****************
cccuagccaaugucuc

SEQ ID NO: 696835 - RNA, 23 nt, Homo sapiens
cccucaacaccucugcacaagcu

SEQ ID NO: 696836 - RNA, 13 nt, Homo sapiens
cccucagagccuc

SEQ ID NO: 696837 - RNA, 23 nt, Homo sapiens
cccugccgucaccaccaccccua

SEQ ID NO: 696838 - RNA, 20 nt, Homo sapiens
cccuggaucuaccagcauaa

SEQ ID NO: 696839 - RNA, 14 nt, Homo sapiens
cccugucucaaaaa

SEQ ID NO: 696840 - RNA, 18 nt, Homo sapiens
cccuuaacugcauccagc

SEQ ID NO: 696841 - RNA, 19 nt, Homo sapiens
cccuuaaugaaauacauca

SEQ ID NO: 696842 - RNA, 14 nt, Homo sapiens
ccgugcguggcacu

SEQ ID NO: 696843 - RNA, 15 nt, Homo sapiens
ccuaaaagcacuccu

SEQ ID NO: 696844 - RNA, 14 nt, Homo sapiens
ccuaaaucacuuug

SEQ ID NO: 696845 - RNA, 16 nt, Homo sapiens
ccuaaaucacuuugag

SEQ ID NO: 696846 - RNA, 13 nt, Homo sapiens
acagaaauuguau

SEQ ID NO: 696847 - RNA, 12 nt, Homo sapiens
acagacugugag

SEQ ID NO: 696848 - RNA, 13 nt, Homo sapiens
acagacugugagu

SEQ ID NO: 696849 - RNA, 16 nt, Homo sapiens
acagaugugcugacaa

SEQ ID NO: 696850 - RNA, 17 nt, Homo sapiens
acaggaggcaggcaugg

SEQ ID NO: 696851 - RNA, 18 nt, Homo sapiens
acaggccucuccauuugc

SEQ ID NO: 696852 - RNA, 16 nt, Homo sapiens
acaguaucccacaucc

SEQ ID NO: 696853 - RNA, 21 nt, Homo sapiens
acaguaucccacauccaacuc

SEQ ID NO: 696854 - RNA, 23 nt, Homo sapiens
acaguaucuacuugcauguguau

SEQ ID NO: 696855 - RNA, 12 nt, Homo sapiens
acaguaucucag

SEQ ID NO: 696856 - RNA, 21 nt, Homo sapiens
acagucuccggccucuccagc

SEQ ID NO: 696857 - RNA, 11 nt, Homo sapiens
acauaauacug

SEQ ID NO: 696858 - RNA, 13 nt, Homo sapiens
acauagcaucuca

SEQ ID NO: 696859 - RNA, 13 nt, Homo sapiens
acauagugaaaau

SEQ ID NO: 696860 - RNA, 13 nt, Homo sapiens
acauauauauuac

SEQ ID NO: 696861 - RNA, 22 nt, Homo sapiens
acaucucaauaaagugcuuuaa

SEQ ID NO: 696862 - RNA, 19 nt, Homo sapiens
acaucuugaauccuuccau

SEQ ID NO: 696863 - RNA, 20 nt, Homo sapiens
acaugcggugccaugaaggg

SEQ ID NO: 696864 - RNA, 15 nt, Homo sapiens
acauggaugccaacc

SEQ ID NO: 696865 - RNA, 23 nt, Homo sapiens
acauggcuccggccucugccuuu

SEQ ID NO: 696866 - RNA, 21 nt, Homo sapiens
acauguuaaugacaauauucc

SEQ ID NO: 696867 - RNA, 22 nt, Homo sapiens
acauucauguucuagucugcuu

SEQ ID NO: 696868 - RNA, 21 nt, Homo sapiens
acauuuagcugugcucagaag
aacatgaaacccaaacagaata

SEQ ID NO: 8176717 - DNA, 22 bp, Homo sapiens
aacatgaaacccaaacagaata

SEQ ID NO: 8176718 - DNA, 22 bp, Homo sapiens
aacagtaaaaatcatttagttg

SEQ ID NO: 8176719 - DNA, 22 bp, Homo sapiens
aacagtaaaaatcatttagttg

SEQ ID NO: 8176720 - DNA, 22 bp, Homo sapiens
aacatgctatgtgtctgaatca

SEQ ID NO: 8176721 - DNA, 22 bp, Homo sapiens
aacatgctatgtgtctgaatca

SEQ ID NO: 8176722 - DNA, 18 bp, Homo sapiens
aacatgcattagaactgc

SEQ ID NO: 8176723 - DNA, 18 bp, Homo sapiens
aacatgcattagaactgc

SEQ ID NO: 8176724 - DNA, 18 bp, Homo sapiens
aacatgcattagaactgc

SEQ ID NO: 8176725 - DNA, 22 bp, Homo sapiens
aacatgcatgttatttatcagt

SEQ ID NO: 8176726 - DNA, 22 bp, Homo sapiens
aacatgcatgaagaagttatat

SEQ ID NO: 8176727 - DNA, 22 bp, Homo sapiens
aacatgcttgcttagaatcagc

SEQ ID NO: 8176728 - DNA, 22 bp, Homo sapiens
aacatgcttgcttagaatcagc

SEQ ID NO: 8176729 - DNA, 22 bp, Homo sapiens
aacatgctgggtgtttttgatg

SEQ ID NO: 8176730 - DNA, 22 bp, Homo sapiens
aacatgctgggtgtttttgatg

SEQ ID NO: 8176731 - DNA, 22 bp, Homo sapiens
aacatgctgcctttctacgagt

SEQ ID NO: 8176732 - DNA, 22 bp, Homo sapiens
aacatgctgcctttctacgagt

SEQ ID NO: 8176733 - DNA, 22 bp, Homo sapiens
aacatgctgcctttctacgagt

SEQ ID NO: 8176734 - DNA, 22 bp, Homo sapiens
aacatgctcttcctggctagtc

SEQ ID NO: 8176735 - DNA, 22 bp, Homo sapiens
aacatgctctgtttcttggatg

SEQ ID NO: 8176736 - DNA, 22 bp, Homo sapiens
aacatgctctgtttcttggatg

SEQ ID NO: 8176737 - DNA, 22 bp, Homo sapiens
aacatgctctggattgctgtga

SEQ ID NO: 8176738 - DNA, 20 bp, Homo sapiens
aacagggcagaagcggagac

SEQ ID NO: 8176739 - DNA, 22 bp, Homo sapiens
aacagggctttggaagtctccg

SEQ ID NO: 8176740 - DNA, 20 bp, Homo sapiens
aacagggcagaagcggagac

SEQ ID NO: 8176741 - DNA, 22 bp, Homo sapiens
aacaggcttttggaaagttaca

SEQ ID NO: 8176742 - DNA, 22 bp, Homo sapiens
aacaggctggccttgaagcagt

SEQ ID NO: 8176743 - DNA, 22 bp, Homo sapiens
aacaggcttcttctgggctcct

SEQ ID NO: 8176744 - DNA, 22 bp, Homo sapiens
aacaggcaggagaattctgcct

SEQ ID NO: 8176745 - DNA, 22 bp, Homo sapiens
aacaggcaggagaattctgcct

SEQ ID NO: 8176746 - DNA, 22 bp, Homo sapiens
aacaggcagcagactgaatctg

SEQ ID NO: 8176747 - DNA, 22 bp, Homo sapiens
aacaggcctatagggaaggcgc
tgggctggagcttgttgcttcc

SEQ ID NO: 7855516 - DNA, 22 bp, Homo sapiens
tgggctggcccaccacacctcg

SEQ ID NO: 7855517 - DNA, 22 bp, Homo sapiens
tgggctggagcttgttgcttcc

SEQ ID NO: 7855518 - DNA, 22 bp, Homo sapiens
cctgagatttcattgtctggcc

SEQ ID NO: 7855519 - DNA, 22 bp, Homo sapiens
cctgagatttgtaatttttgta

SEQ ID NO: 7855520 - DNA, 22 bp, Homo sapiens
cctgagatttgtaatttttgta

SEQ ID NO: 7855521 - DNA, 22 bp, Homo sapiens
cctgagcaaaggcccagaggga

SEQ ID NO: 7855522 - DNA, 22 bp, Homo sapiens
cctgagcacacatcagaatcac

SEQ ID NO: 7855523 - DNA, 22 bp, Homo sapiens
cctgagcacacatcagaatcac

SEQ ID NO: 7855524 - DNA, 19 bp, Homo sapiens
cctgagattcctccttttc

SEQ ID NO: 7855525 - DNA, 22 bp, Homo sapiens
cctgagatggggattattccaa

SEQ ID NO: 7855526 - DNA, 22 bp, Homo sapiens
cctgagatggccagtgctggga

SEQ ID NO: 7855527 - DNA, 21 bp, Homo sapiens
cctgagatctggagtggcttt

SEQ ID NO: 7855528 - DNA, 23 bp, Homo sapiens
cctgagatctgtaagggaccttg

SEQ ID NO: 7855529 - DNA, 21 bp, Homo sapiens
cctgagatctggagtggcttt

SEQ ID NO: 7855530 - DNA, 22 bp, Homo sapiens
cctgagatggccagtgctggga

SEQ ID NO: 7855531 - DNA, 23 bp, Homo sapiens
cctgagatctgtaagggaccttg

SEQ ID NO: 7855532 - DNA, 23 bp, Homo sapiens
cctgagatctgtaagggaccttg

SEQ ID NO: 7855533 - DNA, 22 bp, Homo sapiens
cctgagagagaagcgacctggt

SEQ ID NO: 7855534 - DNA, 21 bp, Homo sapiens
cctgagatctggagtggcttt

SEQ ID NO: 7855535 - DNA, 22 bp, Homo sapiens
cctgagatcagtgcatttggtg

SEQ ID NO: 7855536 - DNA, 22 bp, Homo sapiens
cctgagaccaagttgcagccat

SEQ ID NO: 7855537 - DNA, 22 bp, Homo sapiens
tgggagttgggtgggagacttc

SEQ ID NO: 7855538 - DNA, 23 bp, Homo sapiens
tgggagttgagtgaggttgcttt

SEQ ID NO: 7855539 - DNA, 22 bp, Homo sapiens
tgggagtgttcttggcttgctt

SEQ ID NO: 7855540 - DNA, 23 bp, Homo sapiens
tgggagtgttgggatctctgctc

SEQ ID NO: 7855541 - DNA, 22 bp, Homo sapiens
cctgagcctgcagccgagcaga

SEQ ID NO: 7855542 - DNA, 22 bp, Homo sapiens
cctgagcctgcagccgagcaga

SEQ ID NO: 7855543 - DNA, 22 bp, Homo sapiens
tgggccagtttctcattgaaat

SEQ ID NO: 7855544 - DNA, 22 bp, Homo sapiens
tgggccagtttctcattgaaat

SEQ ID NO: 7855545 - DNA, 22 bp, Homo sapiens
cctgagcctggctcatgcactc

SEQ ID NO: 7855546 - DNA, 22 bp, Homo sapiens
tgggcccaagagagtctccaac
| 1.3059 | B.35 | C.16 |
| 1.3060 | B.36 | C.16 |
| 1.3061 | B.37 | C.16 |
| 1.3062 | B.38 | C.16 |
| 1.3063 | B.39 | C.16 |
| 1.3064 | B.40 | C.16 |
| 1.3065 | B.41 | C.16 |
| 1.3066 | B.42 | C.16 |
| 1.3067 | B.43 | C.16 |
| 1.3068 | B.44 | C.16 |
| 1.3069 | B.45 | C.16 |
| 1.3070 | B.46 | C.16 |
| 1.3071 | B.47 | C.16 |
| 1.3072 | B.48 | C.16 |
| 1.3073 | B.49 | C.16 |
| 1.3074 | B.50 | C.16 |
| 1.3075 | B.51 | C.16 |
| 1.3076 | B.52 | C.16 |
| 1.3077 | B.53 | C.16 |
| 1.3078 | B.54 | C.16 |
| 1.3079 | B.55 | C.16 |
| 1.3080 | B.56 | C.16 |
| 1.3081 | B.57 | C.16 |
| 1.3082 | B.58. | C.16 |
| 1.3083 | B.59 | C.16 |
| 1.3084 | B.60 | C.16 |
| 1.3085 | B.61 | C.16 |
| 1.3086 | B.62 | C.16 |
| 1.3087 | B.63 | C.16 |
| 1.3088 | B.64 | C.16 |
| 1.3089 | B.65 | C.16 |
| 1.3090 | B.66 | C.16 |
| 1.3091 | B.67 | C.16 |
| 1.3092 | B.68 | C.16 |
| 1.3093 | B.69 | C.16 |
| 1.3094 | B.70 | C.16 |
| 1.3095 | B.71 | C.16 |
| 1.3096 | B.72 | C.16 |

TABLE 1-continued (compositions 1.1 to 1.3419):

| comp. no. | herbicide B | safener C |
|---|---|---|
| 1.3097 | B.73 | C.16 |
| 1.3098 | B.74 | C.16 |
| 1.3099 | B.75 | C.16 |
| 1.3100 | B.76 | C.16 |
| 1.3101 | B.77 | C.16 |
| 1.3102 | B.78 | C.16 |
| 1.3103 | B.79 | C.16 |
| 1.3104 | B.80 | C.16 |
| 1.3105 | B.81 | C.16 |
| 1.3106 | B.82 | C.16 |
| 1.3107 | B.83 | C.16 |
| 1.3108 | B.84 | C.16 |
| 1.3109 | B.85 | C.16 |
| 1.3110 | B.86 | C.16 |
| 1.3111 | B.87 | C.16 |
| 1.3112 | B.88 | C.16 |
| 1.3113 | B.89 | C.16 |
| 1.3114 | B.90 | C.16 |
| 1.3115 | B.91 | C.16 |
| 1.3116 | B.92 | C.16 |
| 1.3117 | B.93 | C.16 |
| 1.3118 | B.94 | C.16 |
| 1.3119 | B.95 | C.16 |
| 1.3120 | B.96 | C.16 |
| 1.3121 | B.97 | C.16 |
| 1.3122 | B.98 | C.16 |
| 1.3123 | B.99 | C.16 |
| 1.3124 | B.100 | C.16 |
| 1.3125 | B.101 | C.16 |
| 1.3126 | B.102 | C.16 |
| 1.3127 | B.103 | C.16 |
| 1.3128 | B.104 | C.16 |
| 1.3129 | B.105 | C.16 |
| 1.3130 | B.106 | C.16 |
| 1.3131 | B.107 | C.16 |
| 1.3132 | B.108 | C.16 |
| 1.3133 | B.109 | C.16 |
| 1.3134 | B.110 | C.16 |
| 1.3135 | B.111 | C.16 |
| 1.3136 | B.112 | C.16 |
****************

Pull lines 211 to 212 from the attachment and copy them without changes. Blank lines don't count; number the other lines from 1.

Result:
| 1.3074 | B.50 | C.16 |
| 1.3075 | B.51 | C.16 |